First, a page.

One of our great pleasures when we're anchored off a beach is to spend hours walking along the shore and beachcombing. We let the water tickle our toes as we wander up and the down the beach for miles, looking for distinctive shells and stones and whatever else the tide might have washed up on the beach.
It seems that each time we walk the beach … even the same one ... the offerings change depending on the direction we're walking and the state of the tide. The more remote the beach, the more interesting the search becomes. The wrack line, the highest point the tide reaches, is usually a bit smelly, but renders lots of good and interesting booty.
Though we've beachcombed a lot over the years, there are a few expeditions that were so special, they stand out more than all the rest. The first was a beach on the west end of the island of Mayaguana in a more remote part of the Bahamas. A yellow coral shelf dominated the long, deserted beach and huge, unbroken shells lay waiting for someone to pay them some attention. Thank goodness we were there.
Another memorable beach was actually a series of beaches on the little islets of Chesterfield Reef in the Coral Sea between Australia and Vanuatu. Few people visit this remote area belonging to New Caledonia. Spider conch and nautilus shells were found here and it was a thrill to find them. The shells are quite large and deciding which ones to keep was a challenge.
We've beachcombed everywhere we've traveled from Captiva Island in Florida ... great for shells, but lots of competition from other beachcombers … to remote islands in Tonga and beaches in South America and South Africa. Each beach has something special to offer. It's not just shells, it's sea glass, sea beans (aka drift seeds), driftwood for carving, pieces of coral, odd bones and unlikely debris that washes ashore like parts of washing machines.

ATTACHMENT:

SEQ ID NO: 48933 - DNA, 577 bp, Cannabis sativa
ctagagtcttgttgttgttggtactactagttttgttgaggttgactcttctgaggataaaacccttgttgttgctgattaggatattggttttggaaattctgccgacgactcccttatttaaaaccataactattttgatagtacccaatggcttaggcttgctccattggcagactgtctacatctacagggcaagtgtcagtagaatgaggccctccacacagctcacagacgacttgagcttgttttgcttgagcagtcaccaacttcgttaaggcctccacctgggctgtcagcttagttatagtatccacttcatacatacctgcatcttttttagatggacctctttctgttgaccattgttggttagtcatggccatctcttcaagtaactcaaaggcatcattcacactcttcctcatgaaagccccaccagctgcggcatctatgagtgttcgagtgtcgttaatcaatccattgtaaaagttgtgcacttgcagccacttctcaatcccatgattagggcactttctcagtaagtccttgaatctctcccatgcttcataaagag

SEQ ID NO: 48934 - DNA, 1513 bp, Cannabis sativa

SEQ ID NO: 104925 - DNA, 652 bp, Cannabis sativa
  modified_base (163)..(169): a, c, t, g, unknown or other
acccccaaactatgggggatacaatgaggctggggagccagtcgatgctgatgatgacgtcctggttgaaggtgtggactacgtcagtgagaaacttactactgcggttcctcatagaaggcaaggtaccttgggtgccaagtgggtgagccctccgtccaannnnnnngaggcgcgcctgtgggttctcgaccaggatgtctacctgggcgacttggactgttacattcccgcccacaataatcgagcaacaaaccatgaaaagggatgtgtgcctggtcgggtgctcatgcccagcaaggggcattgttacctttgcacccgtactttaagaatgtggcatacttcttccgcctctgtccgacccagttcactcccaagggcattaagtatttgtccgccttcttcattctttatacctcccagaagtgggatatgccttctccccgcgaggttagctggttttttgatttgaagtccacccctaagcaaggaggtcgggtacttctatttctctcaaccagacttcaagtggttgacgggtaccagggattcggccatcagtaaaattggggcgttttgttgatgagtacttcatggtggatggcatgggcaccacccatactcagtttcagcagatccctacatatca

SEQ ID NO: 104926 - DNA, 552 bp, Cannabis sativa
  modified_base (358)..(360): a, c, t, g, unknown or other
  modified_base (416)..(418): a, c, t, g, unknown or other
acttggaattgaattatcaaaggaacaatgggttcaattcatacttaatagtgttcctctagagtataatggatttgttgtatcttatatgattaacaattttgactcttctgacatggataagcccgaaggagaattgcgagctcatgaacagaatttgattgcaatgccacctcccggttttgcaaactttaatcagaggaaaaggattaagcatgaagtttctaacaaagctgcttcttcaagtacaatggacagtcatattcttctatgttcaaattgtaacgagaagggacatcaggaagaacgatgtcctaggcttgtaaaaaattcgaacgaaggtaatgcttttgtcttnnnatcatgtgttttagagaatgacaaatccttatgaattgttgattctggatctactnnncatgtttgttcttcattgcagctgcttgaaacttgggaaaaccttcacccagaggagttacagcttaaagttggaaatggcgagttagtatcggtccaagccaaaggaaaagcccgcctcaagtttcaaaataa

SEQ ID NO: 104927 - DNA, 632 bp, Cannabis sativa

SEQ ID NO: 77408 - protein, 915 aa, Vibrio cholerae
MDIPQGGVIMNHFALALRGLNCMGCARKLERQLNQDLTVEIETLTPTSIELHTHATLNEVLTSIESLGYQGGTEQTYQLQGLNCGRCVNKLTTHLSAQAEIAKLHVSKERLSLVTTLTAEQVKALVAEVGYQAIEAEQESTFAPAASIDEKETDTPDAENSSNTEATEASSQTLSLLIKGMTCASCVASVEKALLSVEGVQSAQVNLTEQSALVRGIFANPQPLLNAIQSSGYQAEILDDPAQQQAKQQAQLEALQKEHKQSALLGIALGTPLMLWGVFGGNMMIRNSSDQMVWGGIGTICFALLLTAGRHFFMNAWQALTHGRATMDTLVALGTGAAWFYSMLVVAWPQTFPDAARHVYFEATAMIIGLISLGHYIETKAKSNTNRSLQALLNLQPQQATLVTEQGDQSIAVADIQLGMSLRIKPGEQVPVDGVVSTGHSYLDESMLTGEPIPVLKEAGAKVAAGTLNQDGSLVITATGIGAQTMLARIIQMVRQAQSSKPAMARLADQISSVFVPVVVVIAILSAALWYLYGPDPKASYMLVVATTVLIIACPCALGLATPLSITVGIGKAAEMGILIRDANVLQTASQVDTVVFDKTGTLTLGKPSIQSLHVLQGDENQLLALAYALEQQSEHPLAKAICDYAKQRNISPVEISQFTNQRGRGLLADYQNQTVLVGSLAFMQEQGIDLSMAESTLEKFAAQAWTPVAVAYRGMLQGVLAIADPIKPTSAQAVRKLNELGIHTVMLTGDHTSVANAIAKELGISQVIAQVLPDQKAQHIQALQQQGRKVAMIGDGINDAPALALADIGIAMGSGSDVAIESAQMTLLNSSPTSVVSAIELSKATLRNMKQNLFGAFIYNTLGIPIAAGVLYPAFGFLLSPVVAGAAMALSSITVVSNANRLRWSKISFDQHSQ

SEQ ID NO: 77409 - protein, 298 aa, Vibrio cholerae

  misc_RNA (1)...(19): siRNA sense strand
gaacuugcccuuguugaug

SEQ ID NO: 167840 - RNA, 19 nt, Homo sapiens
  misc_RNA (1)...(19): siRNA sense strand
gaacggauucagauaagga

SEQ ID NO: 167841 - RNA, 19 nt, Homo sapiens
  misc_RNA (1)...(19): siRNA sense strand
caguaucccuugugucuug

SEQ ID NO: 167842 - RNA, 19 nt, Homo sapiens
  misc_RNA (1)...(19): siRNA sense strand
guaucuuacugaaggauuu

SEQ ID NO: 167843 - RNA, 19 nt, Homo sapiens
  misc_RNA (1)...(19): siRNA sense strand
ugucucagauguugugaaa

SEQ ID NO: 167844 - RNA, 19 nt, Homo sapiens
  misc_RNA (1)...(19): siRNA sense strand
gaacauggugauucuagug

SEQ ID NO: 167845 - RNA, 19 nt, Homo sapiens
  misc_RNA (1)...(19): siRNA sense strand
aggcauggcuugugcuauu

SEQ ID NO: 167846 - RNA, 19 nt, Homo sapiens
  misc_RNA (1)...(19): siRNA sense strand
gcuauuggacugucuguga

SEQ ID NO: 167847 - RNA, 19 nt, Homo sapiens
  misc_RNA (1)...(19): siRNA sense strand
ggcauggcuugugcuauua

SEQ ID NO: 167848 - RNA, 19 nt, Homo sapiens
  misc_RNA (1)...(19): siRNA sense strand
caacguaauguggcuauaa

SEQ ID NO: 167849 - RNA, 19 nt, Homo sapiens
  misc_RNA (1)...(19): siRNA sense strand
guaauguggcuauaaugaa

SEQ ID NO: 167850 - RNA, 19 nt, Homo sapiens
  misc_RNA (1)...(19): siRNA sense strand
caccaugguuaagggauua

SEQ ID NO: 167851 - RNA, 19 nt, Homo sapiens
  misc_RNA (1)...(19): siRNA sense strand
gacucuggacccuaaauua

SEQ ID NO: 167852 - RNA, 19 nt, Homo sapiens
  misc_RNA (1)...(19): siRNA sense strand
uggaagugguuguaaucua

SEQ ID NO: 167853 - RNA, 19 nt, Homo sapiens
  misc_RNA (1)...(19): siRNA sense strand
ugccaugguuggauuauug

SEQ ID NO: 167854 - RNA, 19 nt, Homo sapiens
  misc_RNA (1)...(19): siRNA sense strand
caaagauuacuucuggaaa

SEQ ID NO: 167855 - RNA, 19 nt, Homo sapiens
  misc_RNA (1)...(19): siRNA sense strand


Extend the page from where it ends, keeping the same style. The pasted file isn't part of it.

We've spent many a day doing clean-ups on beaches that seem to be magnets for plastic bags, bottles and flip-flops. We found a raft one time and wondered what the story was behind it.
We're well-prepared for these excursions. We stuff net bags into our pockets so that we can rinse the sand and debris out of the shells. We're careful to make sure there are no critters inside. Nothing smells after a week or two like a rotting hermit crab inside a shell. We have small ziploc bags for anything special and out of the ordinary like beach sand samples for friends back home. We wear reef shoes, hats and slather up with plenty of sunscreen. We find that just after low tide is the best; the earlier in the morning the better.
Now what to do with all those shells and other booty we collect. Admittedly, I keep some, but David's tools trump shells, so I have to be careful...the waterline is already in jeopardy. I have an excellent shell identification book aboard. We save the most distinctive findings as souvenirs. Others are kept for jewelry making and other uses aboard like napkin rings. Some we bring home for gifts. We've found that having a story to go with any gift makes it special, so I make sure to mark the shells as to where they were found.
People wonder if we'll ever get bored on the boat. Probably not until we've walked all the beaches.